Gateway Drugs

Gateway Drugs

According to the National Institute on Drug Abuse (NIDA), by the time kids are in the 12th grade:

  • Nearly half of them have tried marijuana
  • Over half of them have tried cigarettes, and
  • Over three-quarters of them have tried alcohol.

Marijuana, cigarettes and alcohol are the “gateway drugs” of our society today. When young people experiment with cigarettes, alcohol and marijuana, it often opens doors or “gateways” to stronger, more dangerous drugs and to risky situations where these drugs are readily available.

Because of their accessibility, gateway drugs are often introduced to young people by their older siblings, peers and even some parents. Regardless of the source, one point is clear – when a person tries one drug, statistics show that he/she will try another drug, and that the other drug will be stronger, more powerful and more addictive than the last.


  • Adolescent cigarette smokers are 100 times more likely to smoke marijuana and are more likely to use elicit drugs such as cocaine and heroin in the future than young people who do not smoke cigarettes. U.S. Department of Health and Human Services, Substance Abuse and Mental Health Services Administration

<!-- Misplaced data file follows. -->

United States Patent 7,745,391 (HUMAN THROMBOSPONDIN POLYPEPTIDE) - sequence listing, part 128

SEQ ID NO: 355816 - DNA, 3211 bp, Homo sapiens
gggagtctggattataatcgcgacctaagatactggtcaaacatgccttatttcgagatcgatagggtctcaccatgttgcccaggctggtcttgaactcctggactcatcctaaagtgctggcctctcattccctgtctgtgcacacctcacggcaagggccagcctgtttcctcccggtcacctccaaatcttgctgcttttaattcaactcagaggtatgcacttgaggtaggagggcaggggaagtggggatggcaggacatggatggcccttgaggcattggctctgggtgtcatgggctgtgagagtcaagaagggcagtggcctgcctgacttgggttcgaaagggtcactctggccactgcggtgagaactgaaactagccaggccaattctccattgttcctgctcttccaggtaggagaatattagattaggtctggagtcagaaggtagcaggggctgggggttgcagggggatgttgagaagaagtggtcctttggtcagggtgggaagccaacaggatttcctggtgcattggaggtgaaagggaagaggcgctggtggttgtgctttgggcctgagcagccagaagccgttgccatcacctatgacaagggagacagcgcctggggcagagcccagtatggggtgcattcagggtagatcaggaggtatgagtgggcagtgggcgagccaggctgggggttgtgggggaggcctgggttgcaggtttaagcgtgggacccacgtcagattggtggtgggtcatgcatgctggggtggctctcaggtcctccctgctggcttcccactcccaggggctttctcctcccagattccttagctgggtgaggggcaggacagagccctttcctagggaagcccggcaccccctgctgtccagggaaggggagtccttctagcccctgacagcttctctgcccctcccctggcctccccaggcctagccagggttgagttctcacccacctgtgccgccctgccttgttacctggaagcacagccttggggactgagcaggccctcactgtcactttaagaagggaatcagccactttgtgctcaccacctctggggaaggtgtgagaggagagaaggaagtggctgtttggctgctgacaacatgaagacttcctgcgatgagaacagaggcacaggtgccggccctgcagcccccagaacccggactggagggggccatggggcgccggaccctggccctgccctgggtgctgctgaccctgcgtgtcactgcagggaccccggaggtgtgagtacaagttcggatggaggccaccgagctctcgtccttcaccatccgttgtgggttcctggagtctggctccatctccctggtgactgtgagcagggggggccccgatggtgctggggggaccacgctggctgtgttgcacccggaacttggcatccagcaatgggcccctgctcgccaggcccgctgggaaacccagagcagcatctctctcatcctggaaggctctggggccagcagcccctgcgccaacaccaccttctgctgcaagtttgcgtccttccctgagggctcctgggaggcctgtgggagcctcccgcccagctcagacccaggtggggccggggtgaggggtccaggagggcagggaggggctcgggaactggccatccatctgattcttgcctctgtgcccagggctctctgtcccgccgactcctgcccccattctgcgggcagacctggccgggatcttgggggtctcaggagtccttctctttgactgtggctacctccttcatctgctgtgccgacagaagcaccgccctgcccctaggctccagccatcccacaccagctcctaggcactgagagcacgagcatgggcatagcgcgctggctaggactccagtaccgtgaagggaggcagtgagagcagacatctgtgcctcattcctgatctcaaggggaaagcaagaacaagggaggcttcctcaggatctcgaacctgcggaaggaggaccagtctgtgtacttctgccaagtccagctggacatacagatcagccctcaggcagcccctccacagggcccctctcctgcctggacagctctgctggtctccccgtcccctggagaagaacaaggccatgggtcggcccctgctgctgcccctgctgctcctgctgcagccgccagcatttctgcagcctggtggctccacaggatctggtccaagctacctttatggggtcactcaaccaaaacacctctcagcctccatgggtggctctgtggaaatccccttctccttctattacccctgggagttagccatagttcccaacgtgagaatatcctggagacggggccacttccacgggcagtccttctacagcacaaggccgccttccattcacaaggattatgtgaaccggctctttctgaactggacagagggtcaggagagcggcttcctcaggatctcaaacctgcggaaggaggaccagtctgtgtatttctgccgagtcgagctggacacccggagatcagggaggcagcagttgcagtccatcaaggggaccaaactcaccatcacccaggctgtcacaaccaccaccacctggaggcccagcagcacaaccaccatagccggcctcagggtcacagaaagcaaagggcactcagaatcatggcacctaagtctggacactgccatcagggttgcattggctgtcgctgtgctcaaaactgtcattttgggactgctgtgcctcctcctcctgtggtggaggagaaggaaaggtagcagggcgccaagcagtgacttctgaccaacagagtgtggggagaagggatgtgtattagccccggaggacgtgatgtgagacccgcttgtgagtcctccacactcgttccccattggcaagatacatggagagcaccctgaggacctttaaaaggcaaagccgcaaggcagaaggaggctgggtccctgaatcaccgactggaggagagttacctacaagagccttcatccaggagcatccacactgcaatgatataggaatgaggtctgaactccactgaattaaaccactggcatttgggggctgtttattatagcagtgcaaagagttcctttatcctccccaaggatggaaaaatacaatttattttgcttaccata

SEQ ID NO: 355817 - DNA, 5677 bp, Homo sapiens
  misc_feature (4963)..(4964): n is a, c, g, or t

• Of those teenagers who use marijuana three to 10 times, 20 percent go on to use cocaine. Of those who use marijuana 100 or more times, 75 percent go on to use cocaine. Based on research reported in the Journal of Clinical Psychiatry
  • Marijuana smokers who initiated use before age 17 have up to a six times greater chance of developing dependence on marijuana, alcohol or other drugs.National Institute on Drug Abuse Notes, Volume 18, Number 4
  • Teens who are heavy drinkers (consume at least five drinks on five occasions over 30 days) are 12 times likelier to use illegal drugs than those who do not drink. Research conducted by Columbia University’s National Center on Addiction & Substance Abuse.
  • Nearly 90 percent of cocaine users had first smoked tobacco, drank alcohol or used Marijuana. Research conducted by Columbia University’s National Center on Addiction & Substance Abuse as reported by Drug Watch International

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